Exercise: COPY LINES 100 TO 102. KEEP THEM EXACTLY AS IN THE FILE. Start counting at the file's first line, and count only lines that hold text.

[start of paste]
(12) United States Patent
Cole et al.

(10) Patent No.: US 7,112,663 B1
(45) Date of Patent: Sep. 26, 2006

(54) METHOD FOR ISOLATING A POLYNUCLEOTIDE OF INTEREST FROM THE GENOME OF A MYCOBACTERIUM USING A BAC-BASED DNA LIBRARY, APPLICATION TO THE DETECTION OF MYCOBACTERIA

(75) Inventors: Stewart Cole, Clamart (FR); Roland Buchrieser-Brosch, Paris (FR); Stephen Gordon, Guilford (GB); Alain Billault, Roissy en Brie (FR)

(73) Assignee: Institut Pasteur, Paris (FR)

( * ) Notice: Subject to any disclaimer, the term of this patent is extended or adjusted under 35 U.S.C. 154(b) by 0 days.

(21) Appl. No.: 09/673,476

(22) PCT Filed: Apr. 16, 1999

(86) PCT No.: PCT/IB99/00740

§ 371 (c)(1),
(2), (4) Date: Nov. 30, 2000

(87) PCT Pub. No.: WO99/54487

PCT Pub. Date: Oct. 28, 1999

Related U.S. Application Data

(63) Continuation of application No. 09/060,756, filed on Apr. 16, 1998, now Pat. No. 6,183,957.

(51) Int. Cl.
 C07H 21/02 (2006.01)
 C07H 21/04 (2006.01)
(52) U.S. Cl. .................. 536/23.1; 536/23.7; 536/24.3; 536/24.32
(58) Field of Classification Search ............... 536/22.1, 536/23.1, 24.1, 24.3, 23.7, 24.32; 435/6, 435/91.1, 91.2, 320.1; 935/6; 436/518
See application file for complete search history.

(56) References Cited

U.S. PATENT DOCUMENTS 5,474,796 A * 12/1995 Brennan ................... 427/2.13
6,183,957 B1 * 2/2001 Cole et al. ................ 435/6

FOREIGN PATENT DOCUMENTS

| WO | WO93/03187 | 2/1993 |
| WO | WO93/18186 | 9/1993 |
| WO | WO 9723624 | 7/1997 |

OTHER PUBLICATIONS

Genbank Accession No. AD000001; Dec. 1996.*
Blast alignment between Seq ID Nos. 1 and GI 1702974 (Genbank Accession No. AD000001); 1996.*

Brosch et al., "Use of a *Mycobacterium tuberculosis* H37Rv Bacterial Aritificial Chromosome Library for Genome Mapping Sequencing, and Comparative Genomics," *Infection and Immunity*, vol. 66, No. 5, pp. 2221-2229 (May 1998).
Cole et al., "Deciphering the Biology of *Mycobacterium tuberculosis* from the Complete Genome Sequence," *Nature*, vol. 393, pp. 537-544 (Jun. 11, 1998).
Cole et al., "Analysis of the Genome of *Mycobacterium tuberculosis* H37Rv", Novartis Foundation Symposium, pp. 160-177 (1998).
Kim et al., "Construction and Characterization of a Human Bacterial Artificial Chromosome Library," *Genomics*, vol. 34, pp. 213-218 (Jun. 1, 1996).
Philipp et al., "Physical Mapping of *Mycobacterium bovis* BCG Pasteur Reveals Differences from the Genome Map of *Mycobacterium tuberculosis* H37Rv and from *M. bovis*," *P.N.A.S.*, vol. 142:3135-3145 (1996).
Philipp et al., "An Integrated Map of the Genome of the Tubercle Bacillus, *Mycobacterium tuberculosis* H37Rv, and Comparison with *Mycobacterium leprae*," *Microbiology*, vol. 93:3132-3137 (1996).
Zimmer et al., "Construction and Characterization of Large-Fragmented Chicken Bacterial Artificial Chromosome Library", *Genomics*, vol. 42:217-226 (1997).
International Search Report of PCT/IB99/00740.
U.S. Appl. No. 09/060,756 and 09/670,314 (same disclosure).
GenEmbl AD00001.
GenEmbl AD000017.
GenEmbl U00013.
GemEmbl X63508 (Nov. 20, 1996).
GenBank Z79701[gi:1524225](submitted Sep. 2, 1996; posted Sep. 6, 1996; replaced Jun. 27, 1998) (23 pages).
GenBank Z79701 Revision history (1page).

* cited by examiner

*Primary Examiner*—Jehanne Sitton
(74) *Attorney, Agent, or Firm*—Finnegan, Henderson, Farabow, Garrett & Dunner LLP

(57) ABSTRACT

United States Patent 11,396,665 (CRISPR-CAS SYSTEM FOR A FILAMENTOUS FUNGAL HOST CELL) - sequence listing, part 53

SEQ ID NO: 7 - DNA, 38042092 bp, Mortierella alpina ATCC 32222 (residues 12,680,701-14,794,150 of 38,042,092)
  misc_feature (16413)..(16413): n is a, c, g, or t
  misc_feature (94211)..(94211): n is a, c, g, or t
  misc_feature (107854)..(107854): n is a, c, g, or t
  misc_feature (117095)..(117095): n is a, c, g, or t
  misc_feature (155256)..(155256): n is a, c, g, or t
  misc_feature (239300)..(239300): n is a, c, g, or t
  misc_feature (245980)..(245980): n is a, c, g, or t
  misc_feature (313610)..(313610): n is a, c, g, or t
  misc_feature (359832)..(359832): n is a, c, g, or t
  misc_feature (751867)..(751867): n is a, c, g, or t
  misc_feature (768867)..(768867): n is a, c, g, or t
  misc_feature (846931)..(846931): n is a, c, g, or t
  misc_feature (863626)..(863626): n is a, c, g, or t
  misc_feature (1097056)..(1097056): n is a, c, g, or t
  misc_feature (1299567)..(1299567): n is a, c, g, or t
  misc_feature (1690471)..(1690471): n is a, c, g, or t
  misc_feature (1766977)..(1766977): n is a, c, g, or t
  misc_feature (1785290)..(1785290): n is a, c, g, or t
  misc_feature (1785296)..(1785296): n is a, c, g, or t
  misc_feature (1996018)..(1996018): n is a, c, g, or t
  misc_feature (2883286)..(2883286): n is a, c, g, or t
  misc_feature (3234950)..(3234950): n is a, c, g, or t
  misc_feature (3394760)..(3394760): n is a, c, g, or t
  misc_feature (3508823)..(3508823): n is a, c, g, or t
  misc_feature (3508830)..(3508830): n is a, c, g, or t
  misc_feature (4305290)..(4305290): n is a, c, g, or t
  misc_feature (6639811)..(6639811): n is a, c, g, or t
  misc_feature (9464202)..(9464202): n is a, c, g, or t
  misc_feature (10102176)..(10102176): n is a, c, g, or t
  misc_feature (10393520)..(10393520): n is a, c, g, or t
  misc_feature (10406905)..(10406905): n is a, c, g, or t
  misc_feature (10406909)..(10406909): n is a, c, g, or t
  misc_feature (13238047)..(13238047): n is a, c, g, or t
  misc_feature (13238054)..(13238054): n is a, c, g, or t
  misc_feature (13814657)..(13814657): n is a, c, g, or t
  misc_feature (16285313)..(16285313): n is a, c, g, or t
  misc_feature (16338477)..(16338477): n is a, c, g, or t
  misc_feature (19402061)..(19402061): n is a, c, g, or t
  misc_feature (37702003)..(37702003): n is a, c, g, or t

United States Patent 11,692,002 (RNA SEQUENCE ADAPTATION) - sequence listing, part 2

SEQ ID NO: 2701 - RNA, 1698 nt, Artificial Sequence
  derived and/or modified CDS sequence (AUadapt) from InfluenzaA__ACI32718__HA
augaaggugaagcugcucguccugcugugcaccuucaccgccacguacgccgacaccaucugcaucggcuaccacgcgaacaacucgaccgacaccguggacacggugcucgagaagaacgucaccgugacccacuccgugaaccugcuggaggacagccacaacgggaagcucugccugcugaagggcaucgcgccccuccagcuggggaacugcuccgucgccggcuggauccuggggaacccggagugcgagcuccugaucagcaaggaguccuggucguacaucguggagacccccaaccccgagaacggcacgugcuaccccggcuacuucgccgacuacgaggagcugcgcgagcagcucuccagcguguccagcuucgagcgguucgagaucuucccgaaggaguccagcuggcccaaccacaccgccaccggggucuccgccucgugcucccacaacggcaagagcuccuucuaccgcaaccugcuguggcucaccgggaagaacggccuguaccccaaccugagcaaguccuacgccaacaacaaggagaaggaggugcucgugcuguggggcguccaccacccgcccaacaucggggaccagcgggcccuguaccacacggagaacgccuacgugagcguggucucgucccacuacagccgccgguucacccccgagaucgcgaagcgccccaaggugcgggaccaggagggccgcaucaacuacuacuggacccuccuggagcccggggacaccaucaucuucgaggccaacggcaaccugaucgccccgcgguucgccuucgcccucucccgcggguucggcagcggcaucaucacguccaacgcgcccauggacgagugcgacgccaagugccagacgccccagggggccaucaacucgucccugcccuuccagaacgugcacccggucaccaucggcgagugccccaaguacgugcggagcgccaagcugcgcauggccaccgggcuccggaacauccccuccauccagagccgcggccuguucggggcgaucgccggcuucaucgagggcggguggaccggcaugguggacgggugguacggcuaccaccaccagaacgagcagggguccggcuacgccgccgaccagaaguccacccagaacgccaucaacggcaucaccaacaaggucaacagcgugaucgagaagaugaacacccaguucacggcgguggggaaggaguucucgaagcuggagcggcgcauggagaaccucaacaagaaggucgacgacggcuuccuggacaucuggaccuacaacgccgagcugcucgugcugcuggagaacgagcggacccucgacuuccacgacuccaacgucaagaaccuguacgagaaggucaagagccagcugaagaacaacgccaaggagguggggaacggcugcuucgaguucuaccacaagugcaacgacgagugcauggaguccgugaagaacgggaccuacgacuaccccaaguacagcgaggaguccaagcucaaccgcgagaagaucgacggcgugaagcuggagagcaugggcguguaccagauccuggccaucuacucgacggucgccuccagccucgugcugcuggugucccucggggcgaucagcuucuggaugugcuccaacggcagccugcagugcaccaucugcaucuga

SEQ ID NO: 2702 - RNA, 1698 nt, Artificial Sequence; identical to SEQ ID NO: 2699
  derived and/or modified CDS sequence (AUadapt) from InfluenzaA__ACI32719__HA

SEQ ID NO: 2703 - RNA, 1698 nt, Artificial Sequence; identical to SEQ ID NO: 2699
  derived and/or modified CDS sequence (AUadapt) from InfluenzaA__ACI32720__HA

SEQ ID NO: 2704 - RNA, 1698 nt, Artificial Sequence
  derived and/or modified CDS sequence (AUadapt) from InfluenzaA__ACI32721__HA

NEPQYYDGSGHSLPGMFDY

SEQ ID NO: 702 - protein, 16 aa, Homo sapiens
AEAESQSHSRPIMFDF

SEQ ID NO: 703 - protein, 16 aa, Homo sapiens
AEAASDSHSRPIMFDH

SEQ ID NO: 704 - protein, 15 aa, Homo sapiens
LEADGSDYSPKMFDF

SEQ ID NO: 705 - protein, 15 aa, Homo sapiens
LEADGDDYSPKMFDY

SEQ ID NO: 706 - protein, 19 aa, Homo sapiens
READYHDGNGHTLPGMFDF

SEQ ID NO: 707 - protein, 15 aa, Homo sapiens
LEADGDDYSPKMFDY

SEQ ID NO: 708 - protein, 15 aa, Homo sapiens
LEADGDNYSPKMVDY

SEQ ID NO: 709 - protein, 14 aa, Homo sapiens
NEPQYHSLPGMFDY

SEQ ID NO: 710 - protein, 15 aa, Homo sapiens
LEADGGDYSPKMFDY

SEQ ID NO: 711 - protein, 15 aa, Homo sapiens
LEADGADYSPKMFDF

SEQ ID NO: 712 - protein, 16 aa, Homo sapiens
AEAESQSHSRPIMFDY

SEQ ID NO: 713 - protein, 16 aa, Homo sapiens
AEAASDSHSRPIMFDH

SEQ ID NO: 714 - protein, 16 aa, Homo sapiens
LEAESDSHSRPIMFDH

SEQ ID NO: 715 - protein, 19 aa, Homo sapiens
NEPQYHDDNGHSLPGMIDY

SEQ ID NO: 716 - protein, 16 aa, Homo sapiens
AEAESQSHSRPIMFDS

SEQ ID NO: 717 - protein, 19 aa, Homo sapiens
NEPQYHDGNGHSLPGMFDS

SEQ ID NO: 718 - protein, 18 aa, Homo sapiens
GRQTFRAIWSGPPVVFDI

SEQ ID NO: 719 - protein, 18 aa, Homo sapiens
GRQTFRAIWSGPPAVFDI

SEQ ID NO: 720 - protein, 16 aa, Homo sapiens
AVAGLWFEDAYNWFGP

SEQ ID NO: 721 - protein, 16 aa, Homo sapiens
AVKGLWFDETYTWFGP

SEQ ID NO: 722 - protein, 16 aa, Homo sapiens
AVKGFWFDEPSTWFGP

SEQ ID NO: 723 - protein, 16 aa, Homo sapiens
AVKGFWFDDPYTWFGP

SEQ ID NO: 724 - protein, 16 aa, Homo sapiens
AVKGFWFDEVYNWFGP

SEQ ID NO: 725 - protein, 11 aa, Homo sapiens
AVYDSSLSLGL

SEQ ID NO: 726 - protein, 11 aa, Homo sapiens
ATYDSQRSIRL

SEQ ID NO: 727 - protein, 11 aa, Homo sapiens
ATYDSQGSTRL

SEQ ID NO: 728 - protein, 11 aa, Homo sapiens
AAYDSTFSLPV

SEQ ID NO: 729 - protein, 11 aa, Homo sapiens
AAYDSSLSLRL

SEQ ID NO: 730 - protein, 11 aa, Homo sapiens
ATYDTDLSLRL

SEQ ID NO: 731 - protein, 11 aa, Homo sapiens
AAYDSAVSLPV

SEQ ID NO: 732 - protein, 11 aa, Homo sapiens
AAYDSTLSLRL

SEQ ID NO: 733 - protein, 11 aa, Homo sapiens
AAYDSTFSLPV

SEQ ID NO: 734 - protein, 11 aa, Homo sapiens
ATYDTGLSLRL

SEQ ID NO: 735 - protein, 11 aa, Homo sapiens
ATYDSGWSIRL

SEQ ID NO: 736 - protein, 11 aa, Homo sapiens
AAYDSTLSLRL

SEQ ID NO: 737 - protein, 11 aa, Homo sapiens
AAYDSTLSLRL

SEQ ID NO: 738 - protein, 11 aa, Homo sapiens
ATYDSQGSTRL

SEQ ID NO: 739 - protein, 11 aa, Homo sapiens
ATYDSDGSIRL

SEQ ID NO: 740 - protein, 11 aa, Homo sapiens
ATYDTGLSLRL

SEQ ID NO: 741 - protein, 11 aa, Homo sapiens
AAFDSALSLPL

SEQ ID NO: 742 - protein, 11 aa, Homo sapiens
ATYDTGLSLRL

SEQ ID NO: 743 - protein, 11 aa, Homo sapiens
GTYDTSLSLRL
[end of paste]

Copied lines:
SEQ ID NO: 2703 - RNA, 1698 nt, Artificial Sequence; identical to SEQ ID NO: 2699
  derived and/or modified CDS sequence (AUadapt) from InfluenzaA__ACI32720__HA

SEQ ID NO: 2704 - RNA, 1698 nt, Artificial Sequence